5 OPTIMIZATION CRITERIA: THE OMEGA RATIO Once we ve computed the Posterior Market Distribution, we have J simulations of the possible evolution of the market, according to both quantitative ( Prior ) and fundamental ( Views ) analysis. We choose the parametric ratio Omega as criteria to optimize our portfolio and select allocation weights: Ω H = 1 F x dx F x dx Where F is the CDF of the portfolio returns, and H the targeted return. Example of Cumulative Distribution Function: The Omega ratio, introduced by Keating and Shadwick, is interpreted as the ratio of performances over the threshold H divided by the performances under the threshold. If the average return of the portfolio is higher than the defined threshold, the ratio will tend to increase. Consequently, we optimize our portfolio increasing this ratio as much as possible. The strength of this ratio is to take into account more than two moments of the distribution, since it is derived from the CDF. This risk measure is consequently more precise than the Sharpe Ratio. From an algorithm point of view, we are facing a multiple parameter optimization problem, which is solved by a simplex method: the Nelder Mead optimization technique. 5
6 INPUTS OF THE MODEL To build the Prior Market Distribution we use the daily closing prices of cross asset single stocks and index, between 14/11/2007 and 12/11/2011. ""#$ %#&'#" ()$)"$&#)*+,'.#& "#$ %&'()*+),)./%0++)1*)234)/).&.)56.,57)078 *+,1* G.507',)HI>: %&'()*+),).5J)K/HIJ)/).&.)56.,57)078 *+,KJ+2504 LDAF LDAF)%=AACD? L&+8%+7 0?M<#BN<?B)O:"F<)E:<FCB %":";),)D:;)C?MP)L:"F< +G&592074QHII GCO$)JC<AF):<FCB %":";)LADR"A)GJ +G*LGJ82074QHII 6*)8<RB)2ADE"A)'S4 T9*)6+*0Q T9*9& *)8<RB)2$":F)'S4 T9*)6*%0Q T9*9.&.2504 LADR"A).CB"?# 8T)LADR"A).CB"?# 8T.0.( N<:OC?O)*":U<B)6V=CBC<# *0)6N<:OC?O)*":U<B# *6*W'32504 DNNDFCBC<# 8T),%)X)DNNDFCBC<#).5 8T,%.5 The Views Distribution is chosen voluntarily subjective but could be also the result of econometric forecasts, or any external model. The lower and upper bounds are the same for each forecast but we consider 6 different economic scenarios, implying different weights on the 11 assets: "#$% &#'()*+#,. /00()*+#, " #" /5 " $" 567 " #$" 681 " %" 9:1 " &" " &" " &" =<*;B,C"C(3 " %" ;<*;B,C"C(3 " %" 1#DD#.C"C(3 " &" 8#A. " &" Pick Matrix: "#$%&'() "#$%&'("%)*+,)(&. /0 /0 /0 /0 /0 /0 /0 1/0 2/0 1/0 /0,($3'$(456 /0 /0 /0 /0 /0 /0 /0 2/0 2/0 7/0 /0 8)9"3 /0 /0 /0 /0 7/0 /0 /0 2/0 2/0 /0 /0 :&%;"%&'(" /0 /0 /0 1/0 1/0 /0 /0 /0 2/0 /0 /0 :&%;#$%&'(" <=0 /0 7=0 /0 /0 /0 1/0 /0 /0 /0 1/0 >94966'(" /0 =/0 7/0 /0 /0 /0 /0 /0 /0 /0 1/0 6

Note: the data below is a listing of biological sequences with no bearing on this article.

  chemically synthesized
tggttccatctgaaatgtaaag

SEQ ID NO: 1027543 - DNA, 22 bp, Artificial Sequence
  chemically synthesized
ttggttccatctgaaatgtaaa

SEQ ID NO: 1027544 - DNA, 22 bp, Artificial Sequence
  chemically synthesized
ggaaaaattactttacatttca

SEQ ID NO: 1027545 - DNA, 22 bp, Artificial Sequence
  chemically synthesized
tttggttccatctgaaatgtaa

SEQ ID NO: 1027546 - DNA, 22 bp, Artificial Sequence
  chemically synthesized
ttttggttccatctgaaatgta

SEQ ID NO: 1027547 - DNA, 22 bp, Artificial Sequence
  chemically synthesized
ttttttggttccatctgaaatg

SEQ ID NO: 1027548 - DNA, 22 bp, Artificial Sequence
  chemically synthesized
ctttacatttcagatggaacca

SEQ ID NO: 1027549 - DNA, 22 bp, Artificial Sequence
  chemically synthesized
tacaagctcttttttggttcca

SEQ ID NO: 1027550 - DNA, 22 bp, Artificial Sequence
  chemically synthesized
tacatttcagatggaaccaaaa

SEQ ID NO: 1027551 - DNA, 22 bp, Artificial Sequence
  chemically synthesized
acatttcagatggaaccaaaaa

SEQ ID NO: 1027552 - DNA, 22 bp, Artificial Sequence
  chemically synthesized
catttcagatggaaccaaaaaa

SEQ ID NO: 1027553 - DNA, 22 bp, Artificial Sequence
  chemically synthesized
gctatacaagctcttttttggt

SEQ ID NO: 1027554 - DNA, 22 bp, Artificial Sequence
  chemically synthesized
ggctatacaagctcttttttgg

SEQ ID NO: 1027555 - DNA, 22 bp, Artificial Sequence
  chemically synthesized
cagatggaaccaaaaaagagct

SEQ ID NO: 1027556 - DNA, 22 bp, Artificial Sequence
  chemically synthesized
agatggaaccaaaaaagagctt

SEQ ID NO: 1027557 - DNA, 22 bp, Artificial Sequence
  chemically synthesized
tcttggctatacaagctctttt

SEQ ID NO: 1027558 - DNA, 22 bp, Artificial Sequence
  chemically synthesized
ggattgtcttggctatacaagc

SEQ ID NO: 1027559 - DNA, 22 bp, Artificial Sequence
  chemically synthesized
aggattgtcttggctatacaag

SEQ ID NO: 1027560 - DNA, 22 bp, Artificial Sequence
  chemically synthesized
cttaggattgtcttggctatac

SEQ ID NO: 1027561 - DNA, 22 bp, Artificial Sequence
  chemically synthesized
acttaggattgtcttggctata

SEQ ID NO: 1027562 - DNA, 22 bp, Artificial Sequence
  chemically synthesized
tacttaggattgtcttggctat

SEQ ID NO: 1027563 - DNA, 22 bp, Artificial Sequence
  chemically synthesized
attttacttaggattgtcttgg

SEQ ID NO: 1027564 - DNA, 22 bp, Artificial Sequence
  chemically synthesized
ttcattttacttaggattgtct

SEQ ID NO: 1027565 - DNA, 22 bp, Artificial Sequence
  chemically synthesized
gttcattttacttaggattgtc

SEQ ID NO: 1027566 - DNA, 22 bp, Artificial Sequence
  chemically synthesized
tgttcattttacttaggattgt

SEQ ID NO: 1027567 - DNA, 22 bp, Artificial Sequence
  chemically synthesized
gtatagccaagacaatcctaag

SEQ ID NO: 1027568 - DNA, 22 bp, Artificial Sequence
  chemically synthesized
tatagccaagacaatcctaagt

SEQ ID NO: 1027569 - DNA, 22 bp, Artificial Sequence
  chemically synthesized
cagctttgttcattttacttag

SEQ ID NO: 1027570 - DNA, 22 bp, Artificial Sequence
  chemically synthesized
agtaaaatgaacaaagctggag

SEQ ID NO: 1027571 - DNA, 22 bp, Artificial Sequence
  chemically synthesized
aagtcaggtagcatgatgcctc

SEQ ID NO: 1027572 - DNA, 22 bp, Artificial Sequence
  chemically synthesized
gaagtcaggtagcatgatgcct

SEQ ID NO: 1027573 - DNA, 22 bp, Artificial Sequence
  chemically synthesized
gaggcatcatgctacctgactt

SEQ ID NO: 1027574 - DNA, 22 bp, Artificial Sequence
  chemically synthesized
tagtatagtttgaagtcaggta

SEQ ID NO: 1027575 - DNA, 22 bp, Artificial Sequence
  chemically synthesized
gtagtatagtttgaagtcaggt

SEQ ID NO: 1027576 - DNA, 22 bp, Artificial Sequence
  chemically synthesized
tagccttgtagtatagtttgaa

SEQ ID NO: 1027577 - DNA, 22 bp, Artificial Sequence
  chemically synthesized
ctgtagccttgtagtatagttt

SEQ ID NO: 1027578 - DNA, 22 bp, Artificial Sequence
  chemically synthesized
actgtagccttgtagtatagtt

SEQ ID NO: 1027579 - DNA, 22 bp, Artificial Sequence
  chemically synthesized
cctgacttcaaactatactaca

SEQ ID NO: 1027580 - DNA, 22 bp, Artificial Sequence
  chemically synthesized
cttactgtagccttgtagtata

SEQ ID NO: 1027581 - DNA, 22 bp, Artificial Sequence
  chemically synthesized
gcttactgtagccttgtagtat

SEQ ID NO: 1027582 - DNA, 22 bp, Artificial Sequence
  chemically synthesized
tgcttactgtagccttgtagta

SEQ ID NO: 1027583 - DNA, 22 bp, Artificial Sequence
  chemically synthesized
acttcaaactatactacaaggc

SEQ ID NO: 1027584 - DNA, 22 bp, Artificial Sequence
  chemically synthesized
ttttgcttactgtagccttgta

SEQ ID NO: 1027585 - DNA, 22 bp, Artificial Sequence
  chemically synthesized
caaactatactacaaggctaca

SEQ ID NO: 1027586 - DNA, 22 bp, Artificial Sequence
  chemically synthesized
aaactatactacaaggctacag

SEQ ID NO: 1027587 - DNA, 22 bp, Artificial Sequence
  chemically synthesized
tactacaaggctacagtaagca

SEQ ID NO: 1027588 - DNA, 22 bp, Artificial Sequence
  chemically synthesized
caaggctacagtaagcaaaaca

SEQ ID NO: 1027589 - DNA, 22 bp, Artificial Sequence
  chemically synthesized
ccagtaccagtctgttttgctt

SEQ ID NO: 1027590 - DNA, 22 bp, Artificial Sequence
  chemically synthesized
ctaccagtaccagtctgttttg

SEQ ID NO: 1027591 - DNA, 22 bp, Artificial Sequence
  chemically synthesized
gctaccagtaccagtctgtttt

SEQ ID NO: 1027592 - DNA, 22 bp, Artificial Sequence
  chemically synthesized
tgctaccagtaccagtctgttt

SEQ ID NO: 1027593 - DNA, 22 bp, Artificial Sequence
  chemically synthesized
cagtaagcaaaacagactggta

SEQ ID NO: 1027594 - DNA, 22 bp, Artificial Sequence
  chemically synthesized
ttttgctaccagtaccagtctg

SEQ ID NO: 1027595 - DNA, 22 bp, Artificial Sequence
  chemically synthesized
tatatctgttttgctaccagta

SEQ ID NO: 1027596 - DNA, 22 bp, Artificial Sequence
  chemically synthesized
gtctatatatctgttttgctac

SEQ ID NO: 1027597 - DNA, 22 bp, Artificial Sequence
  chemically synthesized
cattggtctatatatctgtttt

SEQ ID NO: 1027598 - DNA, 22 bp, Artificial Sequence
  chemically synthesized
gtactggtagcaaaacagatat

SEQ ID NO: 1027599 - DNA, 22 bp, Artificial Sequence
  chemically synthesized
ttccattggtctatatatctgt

7 Finally, the confidence vector is the output of the E Garch(1,1) model, using confidence intervals at 99%: "#$#%&"'(")$*+&# "#$%&'#(' "#$%&'("%)*+,)(&. /0123,($4'$(567 80/23 9):"4 /0;23 <&%="%&'(" 10>23 10A23 RESULTS To measure the improvement of the copula approach, we define as benchmark the output of the Black Littermann model, assuming similar views and economic scenarios. The model is run for 100,000 simulations and the ratio Omega is optimized with a threshold of 1%. We finally get the following basket allocation: ""#$%&'#( )"%$*+,'&&./%((+)($0/%.* 1#23"%+42'('#(+22.#%$0 52.%6 1%70 " #" " 859 $" #" %#" 9:;5 &" ##" %'" :<+1=>?:9 $" (" '$" &" " >B+,41, )" '" *" (" #" &"?B+>C8:9:>5 $" (" %(" >B+>C8:9:>5 #" #(" %#)" 14BB4 " +" %*" <4,? $" #," %#," 9#&%" #$$" #$$" The backtesting of the model is made out of the calibration window, between December 2011 and September The portfolio weights are kept unchanged during this period. We get a higher return from 5,43% to 8,39% whilst the volatility and the Omega ratio of our portfolio strongly decrease. ""#$%&'#()*#+," ,&./()#()&0,) 1,/'#+ ((.%"'2,+) 3#"%&'"'&4 5*,6%)%&'#) 7#8,9&)/,&./( "#$%&'())*+,#&*$.,#+% / :;<"#&=;((:&>;;+:#$. 702? / :'60,/)/,&./( 7